Discussion papers to my Army superiors fell on stony ground. The regimental system was sacrosanct and the unseen power brokers of retired senior officers who form the cadre of regimental colonels ensured that it remained so.

Meanwhile, I was left to sort out the idiosyncrasies of my part of the arms plot as best I could. To that extent I, personally, welcome the postulated changes.

From:
Cdre Peter Melson, London EC3

http://www.telegraph.co.uk/opinion/...ml?xml=/opinion/2004/07/17/dt1701.xml&site=15
 
#3
Meanwhile, I was left to sort out the idiosyncrasies of my part of the arms plot as best I could. To that extent I, personally, welcome the postulated changes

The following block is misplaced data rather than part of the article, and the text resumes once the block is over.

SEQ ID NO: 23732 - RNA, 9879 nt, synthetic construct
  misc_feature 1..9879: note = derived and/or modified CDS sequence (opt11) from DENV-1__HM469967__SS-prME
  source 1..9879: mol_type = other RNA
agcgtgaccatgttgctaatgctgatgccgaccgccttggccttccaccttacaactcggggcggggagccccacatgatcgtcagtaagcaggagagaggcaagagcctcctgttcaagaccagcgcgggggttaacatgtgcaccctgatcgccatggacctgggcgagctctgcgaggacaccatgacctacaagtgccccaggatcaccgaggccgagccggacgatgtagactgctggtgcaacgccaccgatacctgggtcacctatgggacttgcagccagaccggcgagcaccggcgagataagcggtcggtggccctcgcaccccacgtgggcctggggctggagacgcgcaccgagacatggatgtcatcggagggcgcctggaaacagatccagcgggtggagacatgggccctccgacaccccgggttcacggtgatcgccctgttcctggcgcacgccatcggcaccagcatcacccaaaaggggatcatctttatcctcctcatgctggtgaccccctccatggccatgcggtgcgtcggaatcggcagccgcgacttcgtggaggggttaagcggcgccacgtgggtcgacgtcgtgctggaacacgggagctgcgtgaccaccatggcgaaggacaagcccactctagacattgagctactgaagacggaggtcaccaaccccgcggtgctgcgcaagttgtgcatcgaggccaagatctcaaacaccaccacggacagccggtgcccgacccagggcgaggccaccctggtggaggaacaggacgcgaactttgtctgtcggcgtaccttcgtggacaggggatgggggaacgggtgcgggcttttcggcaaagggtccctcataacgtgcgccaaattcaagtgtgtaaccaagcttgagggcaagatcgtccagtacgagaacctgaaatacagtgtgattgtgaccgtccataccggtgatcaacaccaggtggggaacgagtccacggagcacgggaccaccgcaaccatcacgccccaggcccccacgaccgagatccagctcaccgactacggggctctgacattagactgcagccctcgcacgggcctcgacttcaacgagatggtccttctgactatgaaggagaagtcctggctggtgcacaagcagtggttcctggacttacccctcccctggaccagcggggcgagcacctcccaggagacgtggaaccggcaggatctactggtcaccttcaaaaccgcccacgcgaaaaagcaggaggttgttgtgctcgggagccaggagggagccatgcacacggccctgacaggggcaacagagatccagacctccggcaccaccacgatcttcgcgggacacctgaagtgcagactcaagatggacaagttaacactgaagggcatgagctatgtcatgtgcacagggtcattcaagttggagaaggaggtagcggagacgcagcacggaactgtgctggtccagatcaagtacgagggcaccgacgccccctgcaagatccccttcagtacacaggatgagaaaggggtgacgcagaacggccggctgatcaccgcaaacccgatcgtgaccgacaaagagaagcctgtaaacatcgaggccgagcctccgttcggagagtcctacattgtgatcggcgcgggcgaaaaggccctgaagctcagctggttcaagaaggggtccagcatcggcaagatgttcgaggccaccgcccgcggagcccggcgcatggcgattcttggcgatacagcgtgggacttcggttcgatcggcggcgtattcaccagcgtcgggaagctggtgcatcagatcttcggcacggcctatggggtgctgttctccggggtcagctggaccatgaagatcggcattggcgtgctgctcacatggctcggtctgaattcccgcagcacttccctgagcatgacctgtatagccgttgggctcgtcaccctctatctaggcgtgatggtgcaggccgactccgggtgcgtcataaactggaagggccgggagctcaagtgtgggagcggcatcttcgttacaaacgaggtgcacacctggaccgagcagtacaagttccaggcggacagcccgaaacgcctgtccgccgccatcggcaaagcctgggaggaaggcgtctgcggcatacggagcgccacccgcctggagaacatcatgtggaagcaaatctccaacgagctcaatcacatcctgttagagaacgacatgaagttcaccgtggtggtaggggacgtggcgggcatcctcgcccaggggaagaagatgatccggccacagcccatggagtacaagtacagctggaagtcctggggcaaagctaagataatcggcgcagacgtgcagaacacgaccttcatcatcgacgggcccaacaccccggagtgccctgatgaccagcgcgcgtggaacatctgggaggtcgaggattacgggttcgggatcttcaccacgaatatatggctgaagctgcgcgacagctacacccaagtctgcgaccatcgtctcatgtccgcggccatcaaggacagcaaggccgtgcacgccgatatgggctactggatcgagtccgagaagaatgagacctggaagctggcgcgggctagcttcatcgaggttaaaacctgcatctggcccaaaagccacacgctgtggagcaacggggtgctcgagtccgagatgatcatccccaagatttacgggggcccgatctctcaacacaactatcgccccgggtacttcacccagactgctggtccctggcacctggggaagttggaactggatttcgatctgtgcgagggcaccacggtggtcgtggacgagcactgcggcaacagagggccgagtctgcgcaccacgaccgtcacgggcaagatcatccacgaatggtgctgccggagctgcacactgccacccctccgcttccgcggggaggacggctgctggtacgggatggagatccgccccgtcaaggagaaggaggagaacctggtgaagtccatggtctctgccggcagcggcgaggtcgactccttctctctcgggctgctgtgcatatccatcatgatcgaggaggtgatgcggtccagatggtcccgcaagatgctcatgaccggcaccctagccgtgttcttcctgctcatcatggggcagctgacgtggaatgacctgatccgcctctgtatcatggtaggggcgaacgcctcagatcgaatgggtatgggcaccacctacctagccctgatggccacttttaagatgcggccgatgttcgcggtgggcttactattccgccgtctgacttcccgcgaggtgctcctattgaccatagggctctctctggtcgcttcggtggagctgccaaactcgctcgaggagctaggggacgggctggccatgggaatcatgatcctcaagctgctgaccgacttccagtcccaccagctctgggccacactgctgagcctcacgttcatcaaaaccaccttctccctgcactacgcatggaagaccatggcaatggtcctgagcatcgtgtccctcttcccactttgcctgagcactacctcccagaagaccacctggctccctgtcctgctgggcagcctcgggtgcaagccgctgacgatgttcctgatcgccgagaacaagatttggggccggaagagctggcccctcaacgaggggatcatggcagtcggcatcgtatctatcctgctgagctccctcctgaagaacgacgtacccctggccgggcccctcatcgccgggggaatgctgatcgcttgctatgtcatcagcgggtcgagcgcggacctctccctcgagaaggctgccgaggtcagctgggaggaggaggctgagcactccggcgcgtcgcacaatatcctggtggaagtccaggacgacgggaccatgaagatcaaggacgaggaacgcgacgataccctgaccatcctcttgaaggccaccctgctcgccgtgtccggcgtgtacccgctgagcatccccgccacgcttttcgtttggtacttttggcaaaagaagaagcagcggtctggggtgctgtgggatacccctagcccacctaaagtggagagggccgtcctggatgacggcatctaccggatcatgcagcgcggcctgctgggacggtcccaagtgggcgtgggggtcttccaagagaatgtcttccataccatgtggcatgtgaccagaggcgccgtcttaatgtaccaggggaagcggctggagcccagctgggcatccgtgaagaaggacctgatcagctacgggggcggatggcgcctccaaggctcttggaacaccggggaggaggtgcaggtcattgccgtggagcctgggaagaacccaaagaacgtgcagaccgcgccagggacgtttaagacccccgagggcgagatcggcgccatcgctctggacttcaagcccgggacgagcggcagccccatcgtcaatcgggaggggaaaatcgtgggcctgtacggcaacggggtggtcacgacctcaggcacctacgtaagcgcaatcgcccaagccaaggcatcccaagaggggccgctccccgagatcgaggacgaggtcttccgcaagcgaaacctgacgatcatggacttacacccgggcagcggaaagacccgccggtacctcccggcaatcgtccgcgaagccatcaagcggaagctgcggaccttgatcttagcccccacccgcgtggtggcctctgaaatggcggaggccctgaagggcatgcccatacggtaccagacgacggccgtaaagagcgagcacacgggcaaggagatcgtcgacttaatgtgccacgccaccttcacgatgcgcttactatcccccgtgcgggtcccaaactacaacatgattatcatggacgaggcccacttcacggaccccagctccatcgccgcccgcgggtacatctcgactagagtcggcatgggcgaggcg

Thats the key line; this kn*b obviously fell into the bureaucratic trap of believing that the world should be organised to make his life easier. :roll:
 
#4
Discussion papers to my Army superiors fell on stony ground.


Im not surprised they fell on stony ground, what a prat, he should stick to naval matters.
 
#6
What the sailor boy seems to forget is that Captains hate it when their god people are moved around too much and use the system to shunt troublemakers onto someone else. Also crews must be drawn together simply because they all live and work in the same ship, where if someone fouls up they all have a long swim home. Army units don't have this "cohesion of necessity" and so need to seek cohesion through a shared identity.